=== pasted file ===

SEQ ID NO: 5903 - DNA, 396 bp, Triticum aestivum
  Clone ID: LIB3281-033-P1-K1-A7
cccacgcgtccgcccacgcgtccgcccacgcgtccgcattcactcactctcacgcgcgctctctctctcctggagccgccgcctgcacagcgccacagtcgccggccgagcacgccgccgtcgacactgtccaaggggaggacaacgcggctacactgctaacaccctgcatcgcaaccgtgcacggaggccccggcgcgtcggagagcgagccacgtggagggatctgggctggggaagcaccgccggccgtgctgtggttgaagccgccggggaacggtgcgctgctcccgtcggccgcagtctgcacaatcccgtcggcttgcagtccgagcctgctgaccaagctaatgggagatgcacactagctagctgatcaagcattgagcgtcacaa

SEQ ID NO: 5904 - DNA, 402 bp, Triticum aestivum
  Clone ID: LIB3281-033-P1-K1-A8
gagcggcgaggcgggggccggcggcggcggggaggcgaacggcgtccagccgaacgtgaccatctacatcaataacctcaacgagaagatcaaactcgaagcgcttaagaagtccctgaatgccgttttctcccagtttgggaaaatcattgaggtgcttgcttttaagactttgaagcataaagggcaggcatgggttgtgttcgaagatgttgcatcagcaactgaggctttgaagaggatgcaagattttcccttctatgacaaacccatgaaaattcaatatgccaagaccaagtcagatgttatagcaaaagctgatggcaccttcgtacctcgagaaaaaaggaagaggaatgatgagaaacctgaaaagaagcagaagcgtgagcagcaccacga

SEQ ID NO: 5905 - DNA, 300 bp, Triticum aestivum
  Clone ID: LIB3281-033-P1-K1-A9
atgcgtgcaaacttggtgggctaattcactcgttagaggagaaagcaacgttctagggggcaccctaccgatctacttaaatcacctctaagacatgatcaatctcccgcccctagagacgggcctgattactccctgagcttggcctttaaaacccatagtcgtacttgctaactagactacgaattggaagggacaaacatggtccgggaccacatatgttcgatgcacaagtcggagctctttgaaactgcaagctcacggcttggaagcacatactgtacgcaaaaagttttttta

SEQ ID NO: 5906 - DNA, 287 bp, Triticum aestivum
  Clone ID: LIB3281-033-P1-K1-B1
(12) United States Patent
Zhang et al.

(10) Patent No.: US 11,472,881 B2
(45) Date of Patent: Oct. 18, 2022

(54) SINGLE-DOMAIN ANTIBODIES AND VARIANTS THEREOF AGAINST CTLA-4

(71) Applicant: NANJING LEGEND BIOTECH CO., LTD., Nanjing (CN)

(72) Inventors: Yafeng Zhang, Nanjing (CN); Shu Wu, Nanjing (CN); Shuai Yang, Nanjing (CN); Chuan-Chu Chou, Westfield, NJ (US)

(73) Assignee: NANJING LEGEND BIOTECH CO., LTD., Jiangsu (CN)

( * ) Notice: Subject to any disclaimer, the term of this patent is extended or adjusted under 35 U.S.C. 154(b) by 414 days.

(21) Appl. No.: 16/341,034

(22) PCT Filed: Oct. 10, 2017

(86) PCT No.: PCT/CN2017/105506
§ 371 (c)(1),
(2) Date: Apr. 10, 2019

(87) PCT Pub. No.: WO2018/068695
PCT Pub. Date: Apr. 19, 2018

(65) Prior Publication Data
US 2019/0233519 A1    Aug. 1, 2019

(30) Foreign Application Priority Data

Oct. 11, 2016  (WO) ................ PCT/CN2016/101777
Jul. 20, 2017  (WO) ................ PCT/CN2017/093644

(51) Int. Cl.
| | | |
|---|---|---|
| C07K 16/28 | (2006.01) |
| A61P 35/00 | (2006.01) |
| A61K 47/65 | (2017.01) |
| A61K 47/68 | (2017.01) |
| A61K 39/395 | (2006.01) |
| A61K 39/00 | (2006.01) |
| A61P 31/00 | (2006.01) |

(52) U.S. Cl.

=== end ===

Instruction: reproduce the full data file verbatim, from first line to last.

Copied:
SEQ ID NO: 5903 - DNA, 396 bp, Triticum aestivum
  Clone ID: LIB3281-033-P1-K1-A7
cccacgcgtccgcccacgcgtccgcccacgcgtccgcattcactcactctcacgcgcgctctctctctcctggagccgccgcctgcacagcgccacagtcgccggccgagcacgccgccgtcgacactgtccaaggggaggacaacgcggctacactgctaacaccctgcatcgcaaccgtgcacggaggccccggcgcgtcggagagcgagccacgtggagggatctgggctggggaagcaccgccggccgtgctgtggttgaagccgccggggaacggtgcgctgctcccgtcggccgcagtctgcacaatcccgtcggcttgcagtccgagcctgctgaccaagctaatgggagatgcacactagctagctgatcaagcattgagcgtcacaa

SEQ ID NO: 5904 - DNA, 402 bp, Triticum aestivum
  Clone ID: LIB3281-033-P1-K1-A8
gagcggcgaggcgggggccggcggcggcggggaggcgaacggcgtccagccgaacgtgaccatctacatcaataacctcaacgagaagatcaaactcgaagcgcttaagaagtccctgaatgccgttttctcccagtttgggaaaatcattgaggtgcttgcttttaagactttgaagcataaagggcaggcatgggttgtgttcgaagatgttgcatcagcaactgaggctttgaagaggatgcaagattttcccttctatgacaaacccatgaaaattcaatatgccaagaccaagtcagatgttatagcaaaagctgatggcaccttcgtacctcgagaaaaaaggaagaggaatgatgagaaacctgaaaagaagcagaagcgtgagcagcaccacga

SEQ ID NO: 5905 - DNA, 300 bp, Triticum aestivum
  Clone ID: LIB3281-033-P1-K1-A9
atgcgtgcaaacttggtgggctaattcactcgttagaggagaaagcaacgttctagggggcaccctaccgatctacttaaatcacctctaagacatgatcaatctcccgcccctagagacgggcctgattactccctgagcttggcctttaaaacccatagtcgtacttgctaactagactacgaattggaagggacaaacatggtccgggaccacatatgttcgatgcacaagtcggagctctttgaaactgcaagctcacggcttggaagcacatactgtacgcaaaaagttttttta

SEQ ID NO: 5906 - DNA, 287 bp, Triticum aestivum
  Clone ID: LIB3281-033-P1-K1-B1
(12) United States Patent
Zhang et al.

(10) Patent No.: US 11,472,881 B2
(45) Date of Patent: Oct. 18, 2022

(54) SINGLE-DOMAIN ANTIBODIES AND VARIANTS THEREOF AGAINST CTLA-4

(71) Applicant: NANJING LEGEND BIOTECH CO., LTD., Nanjing (CN)

(72) Inventors: Yafeng Zhang, Nanjing (CN); Shu Wu, Nanjing (CN); Shuai Yang, Nanjing (CN); Chuan-Chu Chou, Westfield, NJ (US)

(73) Assignee: NANJING LEGEND BIOTECH CO., LTD., Jiangsu (CN)

( * ) Notice: Subject to any disclaimer, the term of this patent is extended or adjusted under 35 U.S.C. 154(b) by 414 days.

(21) Appl. No.: 16/341,034

(22) PCT Filed: Oct. 10, 2017

(86) PCT No.: PCT/CN2017/105506
§ 371 (c)(1),
(2) Date: Apr. 10, 2019

(87) PCT Pub. No.: WO2018/068695
PCT Pub. Date: Apr. 19, 2018

(65) Prior Publication Data
US 2019/0233519 A1    Aug. 1, 2019

(30) Foreign Application Priority Data

Oct. 11, 2016  (WO) ................ PCT/CN2016/101777
Jul. 20, 2017  (WO) ................ PCT/CN2017/093644

(51) Int. Cl.
| | | |
|---|---|---|
| C07K 16/28 | (2006.01) |
| A61P 35/00 | (2006.01) |
| A61K 47/65 | (2017.01) |
| A61K 47/68 | (2017.01) |
| A61K 39/395 | (2006.01) |
| A61K 39/00 | (2006.01) |
| A61P 31/00 | (2006.01) |

(52) U.S. Cl.